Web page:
TEHRAN (Reuters) - Iran’s leaders say uprisings in the Arab world were inspired by its 1979 revolution, but most ordinary Iranians are too worn down by economic hardship to care about the export of their system of Islamic rule.
“Our movement was suppressed and now we are just so busy with skyrocketing living costs after the removal of subsidies on fuel and food,” said Abbas, a shopkeeper in downtown Tehran, who refused to give his last name.
Customers in his small grocery store talk less of the Arab spring’ uprisings that are reshaping geopolitics in the region, and more of the sudden price rise of items like cheese, eggs and fresh produce since subsidies were slashed at the end of the Persian year in March.
A small television in Abbas’s shop is constantly tuned to the state-run new channel where bloody images of suppressed protests in Bahrain are a regular feature as Tehran rails against the Sunni monarchy’s actions against Shi‘ite protesters.
While not unmoved by the scenes of brother Muslims under the boot of Western-backed autocrats, most Iranians are more concerned about their own day-to-day problems than their government’s jostling for influence in the changing Middle East.
“How can people in the world be inspired by a revolution that happened 30 years ago and has always faced serious problems?” asked Youness, a 36-year-old hairdresser.
Abbas, a supporter of the Green movement protests that were violently quashed after the disputed re-election of President Mahmoud Ahmadinejad in 2009, believes those demonstrations, the biggest since the Iranian revolution, showed the way for the Arab unrest.
“The experience of street unrest that we had some two years ago is what people in the region are experiencing these days,” he said.
But attempts to reignite Green protests in February were stifled by a huge police turnout, the death by shooting of two people during a February 14 protest, and the unofficial house arrest that has silenced the movement’s leaders.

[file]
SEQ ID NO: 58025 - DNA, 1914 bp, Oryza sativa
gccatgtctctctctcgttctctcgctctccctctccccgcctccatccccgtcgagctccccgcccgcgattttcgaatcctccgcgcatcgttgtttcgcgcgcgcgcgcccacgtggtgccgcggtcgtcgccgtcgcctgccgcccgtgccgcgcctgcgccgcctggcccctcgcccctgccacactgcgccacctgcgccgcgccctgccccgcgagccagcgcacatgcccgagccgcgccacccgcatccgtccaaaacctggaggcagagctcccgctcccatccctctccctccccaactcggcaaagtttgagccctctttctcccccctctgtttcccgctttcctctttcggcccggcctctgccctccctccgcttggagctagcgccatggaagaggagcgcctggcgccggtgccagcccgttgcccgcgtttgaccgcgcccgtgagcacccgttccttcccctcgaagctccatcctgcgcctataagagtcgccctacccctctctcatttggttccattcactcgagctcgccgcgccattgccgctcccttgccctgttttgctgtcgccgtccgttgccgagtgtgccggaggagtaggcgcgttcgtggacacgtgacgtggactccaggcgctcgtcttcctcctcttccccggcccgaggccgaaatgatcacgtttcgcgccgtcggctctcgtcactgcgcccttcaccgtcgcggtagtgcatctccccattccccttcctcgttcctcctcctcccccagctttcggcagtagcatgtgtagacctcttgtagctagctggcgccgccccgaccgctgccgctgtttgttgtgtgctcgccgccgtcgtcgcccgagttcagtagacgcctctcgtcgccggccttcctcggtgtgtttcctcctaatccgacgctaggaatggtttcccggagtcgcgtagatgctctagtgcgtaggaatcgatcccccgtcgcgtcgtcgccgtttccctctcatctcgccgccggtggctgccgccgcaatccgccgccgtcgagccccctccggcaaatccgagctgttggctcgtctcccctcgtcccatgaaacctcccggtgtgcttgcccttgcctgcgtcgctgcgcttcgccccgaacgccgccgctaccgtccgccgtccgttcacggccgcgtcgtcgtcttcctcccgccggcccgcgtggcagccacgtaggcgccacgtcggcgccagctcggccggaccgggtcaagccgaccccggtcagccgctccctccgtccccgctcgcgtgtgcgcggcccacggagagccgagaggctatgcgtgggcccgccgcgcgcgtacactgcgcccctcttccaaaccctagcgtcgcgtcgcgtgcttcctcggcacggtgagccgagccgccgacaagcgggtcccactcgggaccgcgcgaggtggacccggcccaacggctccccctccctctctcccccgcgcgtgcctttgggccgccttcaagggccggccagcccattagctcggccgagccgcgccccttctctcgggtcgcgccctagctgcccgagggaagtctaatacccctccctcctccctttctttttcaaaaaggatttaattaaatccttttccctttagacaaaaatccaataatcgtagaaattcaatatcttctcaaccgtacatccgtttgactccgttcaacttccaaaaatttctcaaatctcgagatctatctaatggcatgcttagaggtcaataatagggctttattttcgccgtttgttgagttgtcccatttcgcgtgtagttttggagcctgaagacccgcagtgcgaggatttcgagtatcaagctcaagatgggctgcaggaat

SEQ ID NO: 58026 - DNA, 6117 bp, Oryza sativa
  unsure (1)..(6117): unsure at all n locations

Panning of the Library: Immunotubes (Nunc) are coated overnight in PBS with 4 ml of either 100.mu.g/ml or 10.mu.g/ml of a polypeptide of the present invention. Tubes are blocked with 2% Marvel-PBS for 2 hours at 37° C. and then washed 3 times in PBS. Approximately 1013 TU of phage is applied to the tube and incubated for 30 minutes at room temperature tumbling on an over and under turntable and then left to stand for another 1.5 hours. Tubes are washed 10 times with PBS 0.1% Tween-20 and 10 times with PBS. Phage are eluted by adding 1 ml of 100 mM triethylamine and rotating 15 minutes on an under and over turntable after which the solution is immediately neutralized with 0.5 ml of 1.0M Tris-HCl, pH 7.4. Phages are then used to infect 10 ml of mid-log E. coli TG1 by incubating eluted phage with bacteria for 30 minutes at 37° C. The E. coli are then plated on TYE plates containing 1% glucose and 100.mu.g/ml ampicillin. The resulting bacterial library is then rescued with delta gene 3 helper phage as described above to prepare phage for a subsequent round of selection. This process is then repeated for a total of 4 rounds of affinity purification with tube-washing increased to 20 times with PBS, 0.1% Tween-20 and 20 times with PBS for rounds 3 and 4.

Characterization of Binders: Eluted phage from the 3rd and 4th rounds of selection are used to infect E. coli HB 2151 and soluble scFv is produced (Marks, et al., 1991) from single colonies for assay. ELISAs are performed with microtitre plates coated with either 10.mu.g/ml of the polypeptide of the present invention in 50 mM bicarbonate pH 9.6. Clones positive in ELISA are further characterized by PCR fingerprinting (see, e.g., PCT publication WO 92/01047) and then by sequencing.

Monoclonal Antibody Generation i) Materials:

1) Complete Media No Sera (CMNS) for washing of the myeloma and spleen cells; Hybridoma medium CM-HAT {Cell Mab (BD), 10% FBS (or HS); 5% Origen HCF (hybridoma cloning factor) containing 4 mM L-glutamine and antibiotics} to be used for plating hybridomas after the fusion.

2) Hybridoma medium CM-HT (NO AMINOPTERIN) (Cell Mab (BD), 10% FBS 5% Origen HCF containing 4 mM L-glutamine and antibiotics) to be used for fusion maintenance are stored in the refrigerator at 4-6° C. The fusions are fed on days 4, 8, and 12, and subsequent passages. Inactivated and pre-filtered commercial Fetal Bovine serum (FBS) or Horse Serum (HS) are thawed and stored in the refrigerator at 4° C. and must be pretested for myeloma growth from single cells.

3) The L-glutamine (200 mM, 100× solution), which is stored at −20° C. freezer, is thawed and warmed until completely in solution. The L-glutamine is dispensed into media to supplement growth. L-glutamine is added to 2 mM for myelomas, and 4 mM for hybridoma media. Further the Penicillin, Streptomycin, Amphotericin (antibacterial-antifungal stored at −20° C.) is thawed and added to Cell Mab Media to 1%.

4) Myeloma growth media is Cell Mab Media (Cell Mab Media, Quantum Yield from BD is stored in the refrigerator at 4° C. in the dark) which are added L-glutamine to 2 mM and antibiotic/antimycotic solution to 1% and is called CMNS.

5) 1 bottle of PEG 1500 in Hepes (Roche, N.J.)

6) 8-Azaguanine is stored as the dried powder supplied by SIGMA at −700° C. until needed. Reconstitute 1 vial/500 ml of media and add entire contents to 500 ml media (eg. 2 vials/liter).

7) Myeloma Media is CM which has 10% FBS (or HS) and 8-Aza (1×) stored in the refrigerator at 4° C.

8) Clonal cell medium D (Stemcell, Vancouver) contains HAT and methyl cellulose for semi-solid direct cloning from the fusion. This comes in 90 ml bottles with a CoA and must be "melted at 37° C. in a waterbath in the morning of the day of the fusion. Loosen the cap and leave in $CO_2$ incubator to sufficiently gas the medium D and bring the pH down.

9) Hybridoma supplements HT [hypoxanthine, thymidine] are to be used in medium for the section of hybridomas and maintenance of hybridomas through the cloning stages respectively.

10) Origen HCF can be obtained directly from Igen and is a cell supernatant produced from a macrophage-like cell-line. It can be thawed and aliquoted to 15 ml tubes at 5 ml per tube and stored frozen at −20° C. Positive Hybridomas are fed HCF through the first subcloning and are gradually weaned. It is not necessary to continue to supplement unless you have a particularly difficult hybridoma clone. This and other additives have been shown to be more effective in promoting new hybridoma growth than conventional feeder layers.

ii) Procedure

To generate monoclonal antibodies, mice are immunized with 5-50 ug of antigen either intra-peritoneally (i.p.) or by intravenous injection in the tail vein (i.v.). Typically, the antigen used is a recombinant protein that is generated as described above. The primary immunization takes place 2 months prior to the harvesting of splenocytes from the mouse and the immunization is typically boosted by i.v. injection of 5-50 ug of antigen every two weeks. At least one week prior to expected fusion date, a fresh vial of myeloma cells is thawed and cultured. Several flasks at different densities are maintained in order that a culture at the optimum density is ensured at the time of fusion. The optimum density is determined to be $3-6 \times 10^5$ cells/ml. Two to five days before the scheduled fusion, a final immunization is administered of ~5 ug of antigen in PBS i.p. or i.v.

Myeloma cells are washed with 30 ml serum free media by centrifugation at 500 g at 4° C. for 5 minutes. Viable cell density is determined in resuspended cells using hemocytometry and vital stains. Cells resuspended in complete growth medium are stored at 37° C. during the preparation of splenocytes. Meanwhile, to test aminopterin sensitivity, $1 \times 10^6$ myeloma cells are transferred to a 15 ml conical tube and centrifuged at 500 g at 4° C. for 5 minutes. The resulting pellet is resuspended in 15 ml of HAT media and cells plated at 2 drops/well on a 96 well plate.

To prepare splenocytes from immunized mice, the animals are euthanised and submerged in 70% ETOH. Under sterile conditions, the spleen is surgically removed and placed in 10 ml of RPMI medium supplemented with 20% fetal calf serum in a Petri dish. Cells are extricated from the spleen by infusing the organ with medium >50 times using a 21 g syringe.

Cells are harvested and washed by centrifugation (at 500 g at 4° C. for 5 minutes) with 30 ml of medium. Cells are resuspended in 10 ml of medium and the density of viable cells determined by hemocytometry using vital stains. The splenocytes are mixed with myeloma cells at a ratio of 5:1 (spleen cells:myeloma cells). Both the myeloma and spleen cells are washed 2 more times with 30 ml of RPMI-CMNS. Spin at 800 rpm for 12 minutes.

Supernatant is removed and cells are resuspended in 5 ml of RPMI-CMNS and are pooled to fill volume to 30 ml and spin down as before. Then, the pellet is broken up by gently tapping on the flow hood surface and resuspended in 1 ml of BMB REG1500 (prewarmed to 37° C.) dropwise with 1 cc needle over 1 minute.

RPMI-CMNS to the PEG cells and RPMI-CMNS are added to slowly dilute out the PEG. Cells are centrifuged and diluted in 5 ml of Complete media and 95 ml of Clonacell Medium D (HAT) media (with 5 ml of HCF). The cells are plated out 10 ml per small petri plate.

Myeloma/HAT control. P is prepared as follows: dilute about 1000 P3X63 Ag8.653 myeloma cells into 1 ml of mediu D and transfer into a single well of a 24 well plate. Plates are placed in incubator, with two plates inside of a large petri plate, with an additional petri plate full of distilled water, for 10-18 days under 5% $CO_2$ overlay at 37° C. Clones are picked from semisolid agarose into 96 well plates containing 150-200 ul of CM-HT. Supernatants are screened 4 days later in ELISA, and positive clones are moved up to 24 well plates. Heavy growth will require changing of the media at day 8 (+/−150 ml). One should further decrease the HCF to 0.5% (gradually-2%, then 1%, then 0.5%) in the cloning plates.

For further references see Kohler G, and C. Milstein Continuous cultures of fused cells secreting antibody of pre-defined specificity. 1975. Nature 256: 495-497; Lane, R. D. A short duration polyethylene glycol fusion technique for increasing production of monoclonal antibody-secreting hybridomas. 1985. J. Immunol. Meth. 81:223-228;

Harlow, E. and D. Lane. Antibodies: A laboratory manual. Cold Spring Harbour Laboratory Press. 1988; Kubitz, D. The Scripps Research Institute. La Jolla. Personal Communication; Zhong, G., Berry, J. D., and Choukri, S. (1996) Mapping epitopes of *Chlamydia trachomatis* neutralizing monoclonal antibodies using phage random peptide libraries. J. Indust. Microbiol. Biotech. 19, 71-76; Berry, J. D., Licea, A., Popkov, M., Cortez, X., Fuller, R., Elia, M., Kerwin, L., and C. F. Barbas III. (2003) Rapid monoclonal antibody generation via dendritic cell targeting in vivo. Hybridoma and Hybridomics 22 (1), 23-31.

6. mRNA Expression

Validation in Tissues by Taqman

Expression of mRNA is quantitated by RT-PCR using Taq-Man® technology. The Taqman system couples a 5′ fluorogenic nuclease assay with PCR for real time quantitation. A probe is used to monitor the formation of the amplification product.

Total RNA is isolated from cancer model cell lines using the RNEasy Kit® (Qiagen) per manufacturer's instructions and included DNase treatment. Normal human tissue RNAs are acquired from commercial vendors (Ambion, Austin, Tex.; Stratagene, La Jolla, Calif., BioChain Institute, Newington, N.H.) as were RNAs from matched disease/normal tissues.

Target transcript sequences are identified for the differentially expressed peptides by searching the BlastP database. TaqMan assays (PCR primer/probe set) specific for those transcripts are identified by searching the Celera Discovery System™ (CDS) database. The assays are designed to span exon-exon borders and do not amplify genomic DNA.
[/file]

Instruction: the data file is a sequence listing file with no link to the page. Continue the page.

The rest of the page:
Abbas does not believe the domino effect which has rippled across the region from Tunisia will lead to upheaval in Iran in the short term.
“It will take some time to think and act on our political demands,” he said.
Some Iranians, even though they are feeling the economic pinch, nevertheless support the government’s stance toward the events in the region.
“Our independent policies and the religious democracy that we have in Iran could always be a role model for our neighboring states,” said Abdollah Meshkat, a school teacher.
The main concern for middle-income Iranians is economics, not geopolitics, especially since Ahmadinejad’s subsidy cuts pushed up the price of gasoline seven-fold and had a similar impact on once lavishly subsidized gas and electricity.
“We taxi drivers work for the government until noon and to make money for ourselves from then until night time,” was a typical complaint from a Tehran cabbie whose fares have risen slightly, but not enough to compensate for the fuel price hike.
If Iranians find a moment to put aside their economic woes and consider the regional unrest, it is Syria -- a relative newcomer to the Arab spring -- that grabs their attention.
Syrian President Bashar al-Assad shares Iran’s antipathy toward Washington and support for militant groups Hamas and Hizbollah.
Iran’s former ambassador to Lebanon, Mohammad Irani, said many people in the region had believed only pro-U.S. regimes would face popular uprisings, but when it reached Syria, they realized “the main demand is to realize people’s forgotten rights” regardless of a country’s diplomatic allegiances.
Reform-minded Iranians says if Syria is forced to change, why not Iran?
State-dominated Iranian media have given scant attention to events in Syria, but that has not stopped news spreading via illegal satellite television and the Internet.
“Why they don’t say a single word about Syria?” asked Shirin, a 41 architect. “The world has become like a small village and everyone knows what’s happening there.”
Older Iranians who lived through revolutionary turmoil are less inclined to seek sudden radical change than young Arabs, said a political analyst who declined to be identified.
“This is what at least we Iranians, who are tired of the outcomes of the revolution, war and sanctions, want. We need a gradual but fundamental reform, not a sudden change.”
But some younger reformists say a return of demonstrations in Iran should not be counted out.
“The reform course and the opposition movement are not suppressed but are planning for the next rounds of action. I am sure the ruling establishment is doing the same,” said a 23-year-old pro-reform art student.
Editing by Paul Taylor